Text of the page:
The Gulf Between the Generations (Blast from the Past: February 2012)

Here’s a post I originally wrote in 2012. Given how most political commentary tends to lose relevance over time, it’s remarkable when something from the past is even more relevant now than when it was written.

Not that this post is overly political: more just a series of observations, including some red flags that, at the time, were still on the distant horizon. In recent months, those flags have drawn much closer.

Such a crazy world we live in. Stay safe, and thanks for reading.


I just watched a fascinating interview with a 1960s White House intern who claimed to have an eighteen month affair with President John F. Kennedy. But the most interesting thing wasn’t the affair itself, but the way the President’s staff, the “fourth branch” of government (AKA the media), and the entire general public of 1960s America seemed more intent on keeping the secret than on facing the truth about JFK’s many affairs.

It seems that my parents’ generation had so much trust in their government that nobody would even raise the question—that to raise doubts about the integrity of the man who held the highest office in this country would itself be unconscionable. Rather than face the facts, the American public seemed unwilling to do anything that would shatter the gilded image of the man who led the free world. And that, quite frankly, is a mindset that I simply cannot understand.

In contrast, my own generation has very little trust in our government. We’ve been raised in an age of ambiguity, where the enemy doesn’t wear a uniform or pledge allegiance to a flag, but live quietly among us, until they strap a bomb to their bodies or turn a commercial airplane into a weapon of terror. Or at least, that’s the excuse our government gives us for an increasingly invasive security regime that infringes on our basic liberties, enables the military to hold us in detention indefinitely, and sends our soldiers overseas to fight increasingly senseless wars to “liberate” the people of oil-rich nations who don’t even want us there. As if that weren’t enough, the economic crash has taught us that all that stuff our parents taught us about equality and opportunity is really just a pack of lies—that the rich get bailouts while the rest of us foot the bill, and all that stuff about changing the world and being whatever you want to be… yeah. Lies, all of it.

My Dad had an interesting rebuttal to all this, though. He said that it wasn’t his generation that put the president on a pedestal—it was his generation that tore the pedestal down. During the 60s and 70s, the Vietnam era and the rise of the hippy movement, his generation fought back and made it acceptable for us to question the president, or to criticize the government, or to do all the things that we take for granted today. In fact, he said that we’re the ones who are backsliding into complacency, with our deafening echo chambers, our social media inanities, our reactive attachment to corporate brands and advertising, and our almost religious sense of entitlement.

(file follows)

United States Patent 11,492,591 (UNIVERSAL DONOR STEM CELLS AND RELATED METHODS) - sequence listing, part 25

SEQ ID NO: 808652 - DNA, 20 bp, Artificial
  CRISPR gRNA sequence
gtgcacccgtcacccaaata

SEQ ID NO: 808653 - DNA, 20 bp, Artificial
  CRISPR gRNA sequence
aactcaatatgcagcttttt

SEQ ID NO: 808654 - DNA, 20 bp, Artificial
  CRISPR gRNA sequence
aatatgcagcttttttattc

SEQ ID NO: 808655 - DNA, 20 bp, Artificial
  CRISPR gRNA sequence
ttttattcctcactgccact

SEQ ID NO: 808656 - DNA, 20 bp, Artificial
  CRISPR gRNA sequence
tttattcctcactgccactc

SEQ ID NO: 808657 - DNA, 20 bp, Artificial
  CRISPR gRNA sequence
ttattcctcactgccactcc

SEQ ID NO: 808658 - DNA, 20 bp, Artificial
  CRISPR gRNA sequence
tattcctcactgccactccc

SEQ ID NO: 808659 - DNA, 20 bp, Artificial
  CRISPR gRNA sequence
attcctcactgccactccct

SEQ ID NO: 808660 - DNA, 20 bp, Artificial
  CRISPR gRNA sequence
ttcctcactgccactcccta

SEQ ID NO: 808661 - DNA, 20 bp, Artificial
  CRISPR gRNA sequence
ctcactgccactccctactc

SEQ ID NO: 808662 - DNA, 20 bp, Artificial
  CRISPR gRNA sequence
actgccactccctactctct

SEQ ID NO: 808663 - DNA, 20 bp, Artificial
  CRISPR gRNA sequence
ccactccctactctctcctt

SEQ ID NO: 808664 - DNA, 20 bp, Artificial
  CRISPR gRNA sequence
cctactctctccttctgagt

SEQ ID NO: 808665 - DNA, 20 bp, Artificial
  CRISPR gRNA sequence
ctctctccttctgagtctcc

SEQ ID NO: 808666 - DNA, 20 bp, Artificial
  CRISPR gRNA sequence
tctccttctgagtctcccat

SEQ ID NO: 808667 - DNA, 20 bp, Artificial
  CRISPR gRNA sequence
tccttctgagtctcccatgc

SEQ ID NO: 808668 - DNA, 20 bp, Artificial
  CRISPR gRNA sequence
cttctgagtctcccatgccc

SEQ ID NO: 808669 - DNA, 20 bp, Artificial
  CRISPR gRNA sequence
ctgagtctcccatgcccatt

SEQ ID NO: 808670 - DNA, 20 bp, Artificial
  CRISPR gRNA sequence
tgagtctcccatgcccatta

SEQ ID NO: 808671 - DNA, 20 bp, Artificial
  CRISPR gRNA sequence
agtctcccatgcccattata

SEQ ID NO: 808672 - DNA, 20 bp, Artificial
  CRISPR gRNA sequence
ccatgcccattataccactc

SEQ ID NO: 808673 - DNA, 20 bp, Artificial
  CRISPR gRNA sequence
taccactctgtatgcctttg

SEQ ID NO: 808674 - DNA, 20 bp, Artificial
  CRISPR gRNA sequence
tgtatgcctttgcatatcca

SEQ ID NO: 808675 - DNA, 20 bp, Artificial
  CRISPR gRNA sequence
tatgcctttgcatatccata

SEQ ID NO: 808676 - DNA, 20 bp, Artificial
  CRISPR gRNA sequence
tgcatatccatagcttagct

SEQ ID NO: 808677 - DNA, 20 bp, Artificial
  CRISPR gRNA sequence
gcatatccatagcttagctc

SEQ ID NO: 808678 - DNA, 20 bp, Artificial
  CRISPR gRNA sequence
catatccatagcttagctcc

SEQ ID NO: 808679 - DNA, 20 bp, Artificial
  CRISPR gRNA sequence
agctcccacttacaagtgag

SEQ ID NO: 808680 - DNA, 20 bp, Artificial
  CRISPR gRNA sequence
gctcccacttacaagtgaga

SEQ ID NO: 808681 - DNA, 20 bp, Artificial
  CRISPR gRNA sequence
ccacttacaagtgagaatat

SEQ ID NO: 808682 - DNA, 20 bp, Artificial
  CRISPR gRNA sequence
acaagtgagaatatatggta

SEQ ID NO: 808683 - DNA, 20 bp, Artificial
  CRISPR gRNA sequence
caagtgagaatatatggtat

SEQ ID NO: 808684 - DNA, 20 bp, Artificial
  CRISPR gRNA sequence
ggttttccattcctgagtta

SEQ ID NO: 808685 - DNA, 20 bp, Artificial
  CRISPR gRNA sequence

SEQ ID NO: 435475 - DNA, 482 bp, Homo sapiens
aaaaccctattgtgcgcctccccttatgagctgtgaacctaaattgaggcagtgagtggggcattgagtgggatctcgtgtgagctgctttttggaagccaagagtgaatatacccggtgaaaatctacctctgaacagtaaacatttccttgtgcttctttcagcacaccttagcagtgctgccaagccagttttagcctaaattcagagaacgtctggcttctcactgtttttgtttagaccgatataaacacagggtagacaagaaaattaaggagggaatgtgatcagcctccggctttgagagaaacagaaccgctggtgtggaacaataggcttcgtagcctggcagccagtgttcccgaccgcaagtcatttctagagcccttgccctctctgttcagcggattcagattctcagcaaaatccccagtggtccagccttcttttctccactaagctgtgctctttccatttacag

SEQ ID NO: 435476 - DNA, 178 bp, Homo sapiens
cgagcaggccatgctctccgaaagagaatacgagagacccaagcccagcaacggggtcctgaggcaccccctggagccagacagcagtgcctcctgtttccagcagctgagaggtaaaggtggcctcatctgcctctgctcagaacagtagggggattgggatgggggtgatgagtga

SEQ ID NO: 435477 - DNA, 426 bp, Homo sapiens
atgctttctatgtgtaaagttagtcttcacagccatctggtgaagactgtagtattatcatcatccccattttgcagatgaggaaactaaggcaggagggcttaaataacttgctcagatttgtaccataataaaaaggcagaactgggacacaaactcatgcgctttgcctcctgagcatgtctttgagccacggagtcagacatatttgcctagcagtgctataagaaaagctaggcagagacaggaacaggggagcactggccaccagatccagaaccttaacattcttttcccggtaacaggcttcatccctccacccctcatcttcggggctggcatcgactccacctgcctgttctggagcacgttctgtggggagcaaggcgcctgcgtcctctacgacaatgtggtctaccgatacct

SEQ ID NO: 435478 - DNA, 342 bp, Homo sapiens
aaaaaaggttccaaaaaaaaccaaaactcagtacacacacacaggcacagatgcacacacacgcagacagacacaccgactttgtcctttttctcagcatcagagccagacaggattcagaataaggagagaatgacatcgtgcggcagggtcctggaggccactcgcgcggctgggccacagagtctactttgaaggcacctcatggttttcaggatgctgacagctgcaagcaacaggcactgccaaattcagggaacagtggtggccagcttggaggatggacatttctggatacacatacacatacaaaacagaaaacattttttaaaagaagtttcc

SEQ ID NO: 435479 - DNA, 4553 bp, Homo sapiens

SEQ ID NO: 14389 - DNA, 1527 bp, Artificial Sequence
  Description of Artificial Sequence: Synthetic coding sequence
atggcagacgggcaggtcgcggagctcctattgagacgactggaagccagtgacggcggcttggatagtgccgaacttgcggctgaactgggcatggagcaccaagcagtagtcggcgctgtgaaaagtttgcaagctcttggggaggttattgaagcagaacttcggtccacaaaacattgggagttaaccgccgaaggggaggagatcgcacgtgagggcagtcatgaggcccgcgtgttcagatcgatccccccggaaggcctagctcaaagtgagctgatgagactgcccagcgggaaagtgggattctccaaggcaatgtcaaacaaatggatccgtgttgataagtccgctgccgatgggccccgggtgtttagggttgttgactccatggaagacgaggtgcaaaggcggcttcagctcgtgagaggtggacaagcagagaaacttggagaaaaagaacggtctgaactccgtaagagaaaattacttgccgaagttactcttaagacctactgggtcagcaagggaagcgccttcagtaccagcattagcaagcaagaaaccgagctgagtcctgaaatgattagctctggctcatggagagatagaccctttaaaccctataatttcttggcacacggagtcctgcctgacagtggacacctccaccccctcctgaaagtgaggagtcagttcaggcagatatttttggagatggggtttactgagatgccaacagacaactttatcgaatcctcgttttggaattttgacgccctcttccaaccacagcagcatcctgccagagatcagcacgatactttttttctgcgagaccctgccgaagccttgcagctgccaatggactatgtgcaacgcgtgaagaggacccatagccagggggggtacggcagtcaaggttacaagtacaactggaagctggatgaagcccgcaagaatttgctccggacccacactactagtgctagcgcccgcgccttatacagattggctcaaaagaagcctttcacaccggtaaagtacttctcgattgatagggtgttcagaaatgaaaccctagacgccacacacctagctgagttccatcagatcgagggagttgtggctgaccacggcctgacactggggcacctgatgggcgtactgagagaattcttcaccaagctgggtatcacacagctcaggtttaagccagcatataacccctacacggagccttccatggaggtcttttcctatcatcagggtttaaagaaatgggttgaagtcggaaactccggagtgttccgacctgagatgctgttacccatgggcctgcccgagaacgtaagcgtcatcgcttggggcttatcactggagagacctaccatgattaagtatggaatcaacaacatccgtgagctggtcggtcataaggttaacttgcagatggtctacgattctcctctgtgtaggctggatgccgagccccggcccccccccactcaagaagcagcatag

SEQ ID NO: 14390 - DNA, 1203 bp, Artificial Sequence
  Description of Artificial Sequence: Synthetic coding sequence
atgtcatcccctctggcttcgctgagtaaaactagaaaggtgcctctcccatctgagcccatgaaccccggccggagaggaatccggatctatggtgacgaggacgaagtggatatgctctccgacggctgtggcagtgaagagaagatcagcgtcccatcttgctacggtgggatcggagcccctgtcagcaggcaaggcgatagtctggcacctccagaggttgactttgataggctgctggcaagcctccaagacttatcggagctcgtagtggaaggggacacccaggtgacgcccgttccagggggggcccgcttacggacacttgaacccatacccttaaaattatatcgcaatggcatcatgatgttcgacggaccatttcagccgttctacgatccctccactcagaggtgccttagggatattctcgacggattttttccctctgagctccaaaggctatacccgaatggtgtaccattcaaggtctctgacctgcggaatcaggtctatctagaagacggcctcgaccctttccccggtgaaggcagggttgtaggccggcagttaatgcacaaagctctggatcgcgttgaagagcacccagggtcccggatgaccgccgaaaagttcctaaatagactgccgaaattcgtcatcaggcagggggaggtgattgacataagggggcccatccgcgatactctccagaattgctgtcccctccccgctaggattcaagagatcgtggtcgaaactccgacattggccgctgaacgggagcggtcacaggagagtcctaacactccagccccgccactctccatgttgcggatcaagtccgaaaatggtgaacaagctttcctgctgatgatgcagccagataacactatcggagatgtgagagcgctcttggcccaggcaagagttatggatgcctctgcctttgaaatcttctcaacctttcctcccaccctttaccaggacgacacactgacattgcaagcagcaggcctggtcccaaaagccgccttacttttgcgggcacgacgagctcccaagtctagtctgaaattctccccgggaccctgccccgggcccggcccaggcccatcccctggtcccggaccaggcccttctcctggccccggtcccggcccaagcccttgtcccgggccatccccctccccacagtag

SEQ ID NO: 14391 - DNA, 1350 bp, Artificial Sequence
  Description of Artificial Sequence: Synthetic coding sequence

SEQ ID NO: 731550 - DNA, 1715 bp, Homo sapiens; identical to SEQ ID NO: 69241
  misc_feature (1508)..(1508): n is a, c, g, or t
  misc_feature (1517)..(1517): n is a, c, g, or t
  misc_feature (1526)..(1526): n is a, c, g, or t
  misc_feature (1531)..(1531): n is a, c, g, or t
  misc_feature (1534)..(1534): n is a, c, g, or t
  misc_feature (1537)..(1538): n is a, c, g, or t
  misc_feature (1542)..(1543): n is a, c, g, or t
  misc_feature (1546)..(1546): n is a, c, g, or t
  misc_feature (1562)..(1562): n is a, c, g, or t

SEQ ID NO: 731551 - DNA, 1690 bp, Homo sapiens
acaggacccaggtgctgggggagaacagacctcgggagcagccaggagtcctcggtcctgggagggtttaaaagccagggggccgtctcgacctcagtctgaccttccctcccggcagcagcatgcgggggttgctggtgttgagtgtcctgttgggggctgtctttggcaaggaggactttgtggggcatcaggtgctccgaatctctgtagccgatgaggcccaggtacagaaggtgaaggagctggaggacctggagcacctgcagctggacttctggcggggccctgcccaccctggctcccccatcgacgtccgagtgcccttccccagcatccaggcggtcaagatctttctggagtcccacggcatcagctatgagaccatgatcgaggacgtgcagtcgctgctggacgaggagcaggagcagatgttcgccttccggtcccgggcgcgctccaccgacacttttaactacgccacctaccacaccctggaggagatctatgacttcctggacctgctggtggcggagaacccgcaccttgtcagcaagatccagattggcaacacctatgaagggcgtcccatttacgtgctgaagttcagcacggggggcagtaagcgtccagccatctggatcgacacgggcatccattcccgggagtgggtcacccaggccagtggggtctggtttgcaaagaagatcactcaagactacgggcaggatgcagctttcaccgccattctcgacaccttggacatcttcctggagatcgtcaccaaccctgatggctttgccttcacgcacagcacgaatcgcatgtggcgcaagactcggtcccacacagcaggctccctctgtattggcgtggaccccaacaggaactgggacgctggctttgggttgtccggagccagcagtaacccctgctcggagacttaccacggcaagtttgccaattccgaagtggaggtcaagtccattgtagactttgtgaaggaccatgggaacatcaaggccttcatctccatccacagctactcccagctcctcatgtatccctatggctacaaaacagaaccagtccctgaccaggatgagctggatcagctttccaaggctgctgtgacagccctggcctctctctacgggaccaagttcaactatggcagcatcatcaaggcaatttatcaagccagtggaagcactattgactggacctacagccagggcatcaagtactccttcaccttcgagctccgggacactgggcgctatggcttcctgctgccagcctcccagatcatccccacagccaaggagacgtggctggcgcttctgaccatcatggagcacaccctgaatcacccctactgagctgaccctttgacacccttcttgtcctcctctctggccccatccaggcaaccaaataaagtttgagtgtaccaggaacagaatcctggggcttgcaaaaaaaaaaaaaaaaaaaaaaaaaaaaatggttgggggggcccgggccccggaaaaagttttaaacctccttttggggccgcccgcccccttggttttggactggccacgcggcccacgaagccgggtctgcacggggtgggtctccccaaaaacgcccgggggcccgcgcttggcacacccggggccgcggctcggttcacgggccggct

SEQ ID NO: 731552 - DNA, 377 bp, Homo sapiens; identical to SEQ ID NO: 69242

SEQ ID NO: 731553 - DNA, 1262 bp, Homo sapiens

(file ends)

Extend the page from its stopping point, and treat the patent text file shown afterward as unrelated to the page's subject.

I’m not totally convinced he’s right, but I do think there’s a fundamental gulf between these three generations. Our grandparents’ was the silent generation, where people were expected to keep to their own business and not rock the boat. Our parents’ generation was one of top-down media, where ABC, NBC, and CBS ruled the airwaves and told us all what to think, buy, and believe. Ours is a much more peer-to-peer generation, but I worry that we’re turning into a collection of mindless herds who are turning the culture wars into a messy riot where we abandon civil dialog and rational thinking for a much more destructive mob mentality that isn’t really building anything, but tearing it all down.

Sometimes, it gets so frustrating that it makes me yearn for the days of the frontier, when you could leave it all behind and reinvent yourself somewhere out in the west. That’s probably why I’m so drawn to science fiction, where space is the final frontier. There really are times when I wish I could go to the stars and escape to it all. Writing about that is the next best thing.

Maybe that’s why I feel so compelled to write Star Wanderers. It’s not all rosy, of course—space can be a cold, dark, and lonely place—but so can this world, when you’re lost and you don’t really know what you’re doing with your life.

I don’t know if I recognize anywhere as my own country anymore. Like Van Gogh, all I can say is the sight of the stars makes me dream.

Rethinking free